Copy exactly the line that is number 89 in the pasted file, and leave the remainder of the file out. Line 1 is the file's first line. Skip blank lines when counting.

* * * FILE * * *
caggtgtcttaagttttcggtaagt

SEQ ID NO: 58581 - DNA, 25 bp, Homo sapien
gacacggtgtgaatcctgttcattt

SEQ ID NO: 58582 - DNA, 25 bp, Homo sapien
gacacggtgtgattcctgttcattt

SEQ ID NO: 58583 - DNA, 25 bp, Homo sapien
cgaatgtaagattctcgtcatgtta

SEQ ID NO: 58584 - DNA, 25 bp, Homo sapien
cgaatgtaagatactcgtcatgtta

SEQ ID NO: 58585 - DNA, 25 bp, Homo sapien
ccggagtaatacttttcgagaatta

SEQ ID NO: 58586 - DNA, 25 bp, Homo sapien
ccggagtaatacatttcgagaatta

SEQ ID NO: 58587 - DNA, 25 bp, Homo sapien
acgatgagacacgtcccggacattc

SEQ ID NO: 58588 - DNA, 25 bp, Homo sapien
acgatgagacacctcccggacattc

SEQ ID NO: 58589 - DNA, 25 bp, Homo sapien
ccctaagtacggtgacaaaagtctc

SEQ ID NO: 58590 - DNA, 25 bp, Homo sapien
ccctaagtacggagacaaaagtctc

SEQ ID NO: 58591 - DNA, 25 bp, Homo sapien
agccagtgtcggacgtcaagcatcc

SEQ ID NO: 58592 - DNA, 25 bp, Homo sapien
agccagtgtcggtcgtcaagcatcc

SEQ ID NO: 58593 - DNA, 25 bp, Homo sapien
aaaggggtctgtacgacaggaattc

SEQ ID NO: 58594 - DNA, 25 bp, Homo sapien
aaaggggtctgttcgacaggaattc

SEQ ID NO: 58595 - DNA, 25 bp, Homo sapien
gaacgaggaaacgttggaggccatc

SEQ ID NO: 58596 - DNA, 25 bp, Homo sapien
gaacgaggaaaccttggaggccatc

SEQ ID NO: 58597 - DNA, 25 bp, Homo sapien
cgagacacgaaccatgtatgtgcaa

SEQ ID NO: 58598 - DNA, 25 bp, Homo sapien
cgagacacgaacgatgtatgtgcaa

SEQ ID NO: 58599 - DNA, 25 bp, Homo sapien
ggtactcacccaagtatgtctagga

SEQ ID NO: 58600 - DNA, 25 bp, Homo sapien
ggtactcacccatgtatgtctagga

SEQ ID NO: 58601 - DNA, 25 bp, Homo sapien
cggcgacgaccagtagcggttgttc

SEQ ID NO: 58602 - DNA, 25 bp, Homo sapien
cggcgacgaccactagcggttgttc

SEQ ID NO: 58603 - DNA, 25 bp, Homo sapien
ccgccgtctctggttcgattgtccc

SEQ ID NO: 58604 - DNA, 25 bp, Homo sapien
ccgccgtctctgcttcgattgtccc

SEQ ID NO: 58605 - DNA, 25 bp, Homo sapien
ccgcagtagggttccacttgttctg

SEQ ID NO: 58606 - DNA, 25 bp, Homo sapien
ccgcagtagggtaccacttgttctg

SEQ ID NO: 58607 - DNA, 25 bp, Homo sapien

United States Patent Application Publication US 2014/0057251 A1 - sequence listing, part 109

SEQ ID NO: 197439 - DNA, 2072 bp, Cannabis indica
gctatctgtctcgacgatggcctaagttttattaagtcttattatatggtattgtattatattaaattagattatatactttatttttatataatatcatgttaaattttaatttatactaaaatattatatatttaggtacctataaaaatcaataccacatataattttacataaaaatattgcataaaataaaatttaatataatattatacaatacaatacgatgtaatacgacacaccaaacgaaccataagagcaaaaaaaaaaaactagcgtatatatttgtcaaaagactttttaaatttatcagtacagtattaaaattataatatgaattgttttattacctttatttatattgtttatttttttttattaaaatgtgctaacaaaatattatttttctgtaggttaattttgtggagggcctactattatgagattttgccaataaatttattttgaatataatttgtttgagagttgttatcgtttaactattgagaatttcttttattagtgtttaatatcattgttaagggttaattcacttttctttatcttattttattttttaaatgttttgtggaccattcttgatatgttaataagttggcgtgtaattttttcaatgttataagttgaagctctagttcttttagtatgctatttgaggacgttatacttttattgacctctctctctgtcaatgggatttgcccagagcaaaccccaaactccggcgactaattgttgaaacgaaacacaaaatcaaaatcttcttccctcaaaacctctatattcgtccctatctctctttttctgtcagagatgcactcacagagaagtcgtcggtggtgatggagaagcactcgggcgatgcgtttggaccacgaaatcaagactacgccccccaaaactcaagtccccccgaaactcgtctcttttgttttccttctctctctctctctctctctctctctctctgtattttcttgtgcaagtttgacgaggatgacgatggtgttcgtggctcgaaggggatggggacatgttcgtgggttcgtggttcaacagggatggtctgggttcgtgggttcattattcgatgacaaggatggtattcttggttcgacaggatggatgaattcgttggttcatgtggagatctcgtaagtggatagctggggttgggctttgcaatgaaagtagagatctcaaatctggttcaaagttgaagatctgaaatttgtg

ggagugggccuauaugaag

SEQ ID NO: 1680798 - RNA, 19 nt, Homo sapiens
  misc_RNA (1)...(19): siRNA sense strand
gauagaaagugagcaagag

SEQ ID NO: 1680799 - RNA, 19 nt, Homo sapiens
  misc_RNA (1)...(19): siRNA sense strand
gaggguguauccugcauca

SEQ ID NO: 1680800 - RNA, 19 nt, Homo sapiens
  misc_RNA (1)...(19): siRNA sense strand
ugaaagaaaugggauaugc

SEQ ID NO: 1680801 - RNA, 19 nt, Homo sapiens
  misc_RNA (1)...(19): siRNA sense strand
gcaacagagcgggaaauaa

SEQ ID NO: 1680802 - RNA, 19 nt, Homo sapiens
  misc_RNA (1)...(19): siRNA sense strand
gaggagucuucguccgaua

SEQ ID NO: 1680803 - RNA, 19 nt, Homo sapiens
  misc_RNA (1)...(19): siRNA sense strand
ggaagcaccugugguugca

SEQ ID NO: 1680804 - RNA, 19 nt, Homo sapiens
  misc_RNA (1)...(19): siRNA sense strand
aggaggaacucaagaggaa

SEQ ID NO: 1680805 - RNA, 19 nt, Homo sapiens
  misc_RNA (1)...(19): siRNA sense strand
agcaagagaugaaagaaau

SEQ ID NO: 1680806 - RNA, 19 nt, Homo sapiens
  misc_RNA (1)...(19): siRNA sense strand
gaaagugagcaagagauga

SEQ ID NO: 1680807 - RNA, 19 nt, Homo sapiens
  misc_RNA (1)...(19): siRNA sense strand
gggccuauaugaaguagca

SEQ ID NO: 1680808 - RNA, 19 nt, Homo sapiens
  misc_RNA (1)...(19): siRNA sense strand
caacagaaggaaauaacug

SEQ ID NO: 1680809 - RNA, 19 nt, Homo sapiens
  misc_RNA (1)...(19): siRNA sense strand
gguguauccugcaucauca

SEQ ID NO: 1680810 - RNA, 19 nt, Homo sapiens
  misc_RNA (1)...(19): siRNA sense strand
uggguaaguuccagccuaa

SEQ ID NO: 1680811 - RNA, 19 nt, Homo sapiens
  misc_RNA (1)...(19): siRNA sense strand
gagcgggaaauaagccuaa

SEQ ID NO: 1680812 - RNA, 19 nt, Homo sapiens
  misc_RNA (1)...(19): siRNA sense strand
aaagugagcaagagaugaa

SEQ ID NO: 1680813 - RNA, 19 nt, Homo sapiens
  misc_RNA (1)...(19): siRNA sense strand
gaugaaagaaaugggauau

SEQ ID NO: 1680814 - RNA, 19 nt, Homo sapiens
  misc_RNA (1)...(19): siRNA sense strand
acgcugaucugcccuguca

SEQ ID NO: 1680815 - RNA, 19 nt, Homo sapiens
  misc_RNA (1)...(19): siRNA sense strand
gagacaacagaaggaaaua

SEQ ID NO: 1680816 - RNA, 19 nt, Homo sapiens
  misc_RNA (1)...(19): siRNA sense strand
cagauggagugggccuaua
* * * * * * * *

SEQ ID NO: 1680808 - RNA, 19 nt, Homo sapiens